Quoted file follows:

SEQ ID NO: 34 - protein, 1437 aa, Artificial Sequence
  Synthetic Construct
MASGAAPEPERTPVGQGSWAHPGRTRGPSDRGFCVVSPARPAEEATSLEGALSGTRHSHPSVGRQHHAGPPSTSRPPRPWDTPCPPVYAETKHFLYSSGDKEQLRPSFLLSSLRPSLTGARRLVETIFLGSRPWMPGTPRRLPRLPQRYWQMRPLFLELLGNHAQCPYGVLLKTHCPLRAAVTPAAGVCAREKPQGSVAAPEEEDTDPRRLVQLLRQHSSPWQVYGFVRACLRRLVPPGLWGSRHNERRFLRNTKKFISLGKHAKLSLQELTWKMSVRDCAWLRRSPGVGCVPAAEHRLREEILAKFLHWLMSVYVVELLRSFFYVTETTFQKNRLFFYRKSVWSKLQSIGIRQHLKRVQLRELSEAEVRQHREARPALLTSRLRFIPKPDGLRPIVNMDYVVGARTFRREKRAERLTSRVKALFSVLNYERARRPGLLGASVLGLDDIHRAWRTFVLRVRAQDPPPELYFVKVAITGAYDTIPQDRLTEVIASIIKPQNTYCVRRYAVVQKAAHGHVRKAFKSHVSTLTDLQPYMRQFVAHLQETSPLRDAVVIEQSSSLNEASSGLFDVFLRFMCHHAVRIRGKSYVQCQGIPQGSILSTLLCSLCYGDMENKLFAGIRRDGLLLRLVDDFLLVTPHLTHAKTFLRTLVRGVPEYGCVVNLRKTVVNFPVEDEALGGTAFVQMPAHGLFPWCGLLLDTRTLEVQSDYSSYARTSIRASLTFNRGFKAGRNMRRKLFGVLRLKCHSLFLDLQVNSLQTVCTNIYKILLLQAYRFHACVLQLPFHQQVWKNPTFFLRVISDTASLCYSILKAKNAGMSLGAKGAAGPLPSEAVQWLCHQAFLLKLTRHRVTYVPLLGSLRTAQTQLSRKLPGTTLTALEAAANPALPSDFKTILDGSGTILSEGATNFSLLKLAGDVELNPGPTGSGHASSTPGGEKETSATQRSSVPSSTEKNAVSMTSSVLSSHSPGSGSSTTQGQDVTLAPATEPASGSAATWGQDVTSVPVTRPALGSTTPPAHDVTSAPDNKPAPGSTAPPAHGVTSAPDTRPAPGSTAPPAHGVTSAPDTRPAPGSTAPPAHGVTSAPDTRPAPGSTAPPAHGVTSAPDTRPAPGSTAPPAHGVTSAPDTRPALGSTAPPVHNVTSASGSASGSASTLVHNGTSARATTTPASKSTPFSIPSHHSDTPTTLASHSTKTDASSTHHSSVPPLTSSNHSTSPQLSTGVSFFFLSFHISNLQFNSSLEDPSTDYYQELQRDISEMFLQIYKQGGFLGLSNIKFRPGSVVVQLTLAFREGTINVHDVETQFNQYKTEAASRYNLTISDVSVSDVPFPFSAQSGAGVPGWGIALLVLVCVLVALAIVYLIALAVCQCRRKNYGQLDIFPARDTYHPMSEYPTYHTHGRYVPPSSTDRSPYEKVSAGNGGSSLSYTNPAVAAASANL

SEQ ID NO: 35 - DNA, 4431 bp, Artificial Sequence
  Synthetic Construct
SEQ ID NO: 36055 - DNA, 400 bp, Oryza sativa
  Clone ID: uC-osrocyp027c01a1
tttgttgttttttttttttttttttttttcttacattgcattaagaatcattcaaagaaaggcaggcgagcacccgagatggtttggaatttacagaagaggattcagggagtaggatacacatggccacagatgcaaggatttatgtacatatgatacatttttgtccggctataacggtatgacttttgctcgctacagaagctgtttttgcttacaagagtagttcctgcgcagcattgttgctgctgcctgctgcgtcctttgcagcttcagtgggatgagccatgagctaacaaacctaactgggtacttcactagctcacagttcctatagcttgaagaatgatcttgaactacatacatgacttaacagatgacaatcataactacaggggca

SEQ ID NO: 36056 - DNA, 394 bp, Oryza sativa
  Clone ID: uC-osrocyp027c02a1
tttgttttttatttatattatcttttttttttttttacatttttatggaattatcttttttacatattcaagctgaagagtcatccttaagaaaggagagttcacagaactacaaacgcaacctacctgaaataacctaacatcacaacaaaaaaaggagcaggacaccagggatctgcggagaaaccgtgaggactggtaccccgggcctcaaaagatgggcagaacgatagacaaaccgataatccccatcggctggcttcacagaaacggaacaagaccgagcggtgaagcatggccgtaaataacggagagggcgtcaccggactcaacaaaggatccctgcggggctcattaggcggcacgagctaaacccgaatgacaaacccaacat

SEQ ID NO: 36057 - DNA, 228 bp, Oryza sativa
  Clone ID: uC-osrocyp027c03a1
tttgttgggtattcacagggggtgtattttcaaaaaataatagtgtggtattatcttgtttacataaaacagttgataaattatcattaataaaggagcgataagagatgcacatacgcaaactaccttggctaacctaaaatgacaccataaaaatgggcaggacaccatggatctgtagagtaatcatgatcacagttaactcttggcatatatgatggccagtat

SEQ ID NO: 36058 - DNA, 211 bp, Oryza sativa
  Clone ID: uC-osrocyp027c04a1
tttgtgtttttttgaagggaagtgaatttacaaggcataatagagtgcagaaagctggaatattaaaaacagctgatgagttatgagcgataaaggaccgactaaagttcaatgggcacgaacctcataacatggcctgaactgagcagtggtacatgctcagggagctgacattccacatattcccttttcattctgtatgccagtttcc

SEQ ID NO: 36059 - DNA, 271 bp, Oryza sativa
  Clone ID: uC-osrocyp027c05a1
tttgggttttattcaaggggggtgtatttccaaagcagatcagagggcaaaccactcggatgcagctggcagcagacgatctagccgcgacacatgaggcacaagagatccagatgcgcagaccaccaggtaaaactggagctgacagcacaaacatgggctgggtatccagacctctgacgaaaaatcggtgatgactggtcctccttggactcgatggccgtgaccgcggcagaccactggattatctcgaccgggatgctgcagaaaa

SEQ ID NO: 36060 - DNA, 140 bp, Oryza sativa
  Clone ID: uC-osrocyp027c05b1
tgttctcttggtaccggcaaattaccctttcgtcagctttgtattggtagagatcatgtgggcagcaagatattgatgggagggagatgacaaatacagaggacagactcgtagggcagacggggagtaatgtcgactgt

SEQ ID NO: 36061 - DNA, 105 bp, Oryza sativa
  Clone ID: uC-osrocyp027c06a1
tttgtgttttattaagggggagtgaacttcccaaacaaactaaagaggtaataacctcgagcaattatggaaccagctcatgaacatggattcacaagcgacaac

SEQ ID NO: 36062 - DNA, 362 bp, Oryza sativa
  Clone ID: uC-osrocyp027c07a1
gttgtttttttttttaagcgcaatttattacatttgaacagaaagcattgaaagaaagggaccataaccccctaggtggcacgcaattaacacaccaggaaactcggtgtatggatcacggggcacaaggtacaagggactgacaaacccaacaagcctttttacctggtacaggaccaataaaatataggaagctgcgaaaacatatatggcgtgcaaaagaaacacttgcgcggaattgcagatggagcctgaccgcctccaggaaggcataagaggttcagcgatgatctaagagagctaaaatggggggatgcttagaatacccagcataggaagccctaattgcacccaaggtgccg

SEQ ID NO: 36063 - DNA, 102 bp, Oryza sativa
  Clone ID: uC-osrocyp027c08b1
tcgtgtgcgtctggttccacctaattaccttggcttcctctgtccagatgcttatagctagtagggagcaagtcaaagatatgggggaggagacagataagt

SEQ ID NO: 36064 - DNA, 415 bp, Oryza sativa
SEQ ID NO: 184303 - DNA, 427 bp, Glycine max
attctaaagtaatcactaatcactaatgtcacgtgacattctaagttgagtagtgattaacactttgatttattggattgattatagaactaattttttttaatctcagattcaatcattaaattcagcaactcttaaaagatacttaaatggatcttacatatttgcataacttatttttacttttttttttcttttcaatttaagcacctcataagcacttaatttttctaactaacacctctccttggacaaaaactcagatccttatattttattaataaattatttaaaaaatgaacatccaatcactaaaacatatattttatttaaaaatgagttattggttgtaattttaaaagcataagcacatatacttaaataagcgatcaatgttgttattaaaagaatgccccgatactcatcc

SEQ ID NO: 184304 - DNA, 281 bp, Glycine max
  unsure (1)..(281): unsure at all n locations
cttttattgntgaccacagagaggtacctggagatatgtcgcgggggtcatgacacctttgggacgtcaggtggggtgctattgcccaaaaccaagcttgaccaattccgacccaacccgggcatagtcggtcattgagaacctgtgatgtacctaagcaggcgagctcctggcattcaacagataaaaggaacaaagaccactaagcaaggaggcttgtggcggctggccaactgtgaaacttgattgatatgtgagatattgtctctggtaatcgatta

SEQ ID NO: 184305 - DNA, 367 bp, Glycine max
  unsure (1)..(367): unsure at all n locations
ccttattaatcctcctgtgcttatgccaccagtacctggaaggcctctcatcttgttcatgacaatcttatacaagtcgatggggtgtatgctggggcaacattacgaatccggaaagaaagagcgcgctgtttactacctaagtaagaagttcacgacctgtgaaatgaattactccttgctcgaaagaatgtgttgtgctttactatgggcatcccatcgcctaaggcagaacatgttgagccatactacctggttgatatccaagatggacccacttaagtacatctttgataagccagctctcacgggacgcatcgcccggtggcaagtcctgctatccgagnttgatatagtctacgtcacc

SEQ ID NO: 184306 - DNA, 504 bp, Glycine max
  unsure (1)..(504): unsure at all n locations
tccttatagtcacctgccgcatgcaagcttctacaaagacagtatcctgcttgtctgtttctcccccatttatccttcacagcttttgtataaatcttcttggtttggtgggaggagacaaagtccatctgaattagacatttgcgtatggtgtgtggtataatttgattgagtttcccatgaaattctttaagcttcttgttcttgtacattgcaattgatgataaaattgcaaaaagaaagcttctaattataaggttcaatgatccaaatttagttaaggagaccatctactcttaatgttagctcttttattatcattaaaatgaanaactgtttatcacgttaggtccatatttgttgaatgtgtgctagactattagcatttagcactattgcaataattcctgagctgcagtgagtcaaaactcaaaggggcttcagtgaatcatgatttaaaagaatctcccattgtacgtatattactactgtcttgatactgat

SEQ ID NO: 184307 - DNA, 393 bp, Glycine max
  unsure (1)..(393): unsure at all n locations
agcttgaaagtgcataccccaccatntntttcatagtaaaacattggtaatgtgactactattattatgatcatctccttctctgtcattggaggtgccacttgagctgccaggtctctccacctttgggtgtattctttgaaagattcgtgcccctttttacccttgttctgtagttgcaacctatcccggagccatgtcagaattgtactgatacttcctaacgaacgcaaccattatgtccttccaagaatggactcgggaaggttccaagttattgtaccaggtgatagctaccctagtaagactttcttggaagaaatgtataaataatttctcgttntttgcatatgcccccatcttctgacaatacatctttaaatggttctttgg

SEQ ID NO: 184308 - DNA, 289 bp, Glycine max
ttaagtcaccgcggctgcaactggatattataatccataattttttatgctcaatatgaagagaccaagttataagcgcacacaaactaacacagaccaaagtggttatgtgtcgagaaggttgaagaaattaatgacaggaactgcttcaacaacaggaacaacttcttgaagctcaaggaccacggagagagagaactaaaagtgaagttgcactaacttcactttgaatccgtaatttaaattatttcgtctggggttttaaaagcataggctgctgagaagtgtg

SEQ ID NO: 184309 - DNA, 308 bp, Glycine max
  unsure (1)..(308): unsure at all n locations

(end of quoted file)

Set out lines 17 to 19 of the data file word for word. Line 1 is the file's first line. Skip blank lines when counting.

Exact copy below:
tttgtgtttttttgaagggaagtgaatttacaaggcataatagagtgcagaaagctggaatattaaaaacagctgatgagttatgagcgataaaggaccgactaaagttcaatgggcacgaacctcataacatggcctgaactgagcagtggtacatgctcagggagctgacattccacatattcccttttcattctgtatgccagtttcc

SEQ ID NO: 36059 - DNA, 271 bp, Oryza sativa
  Clone ID: uC-osrocyp027c05a1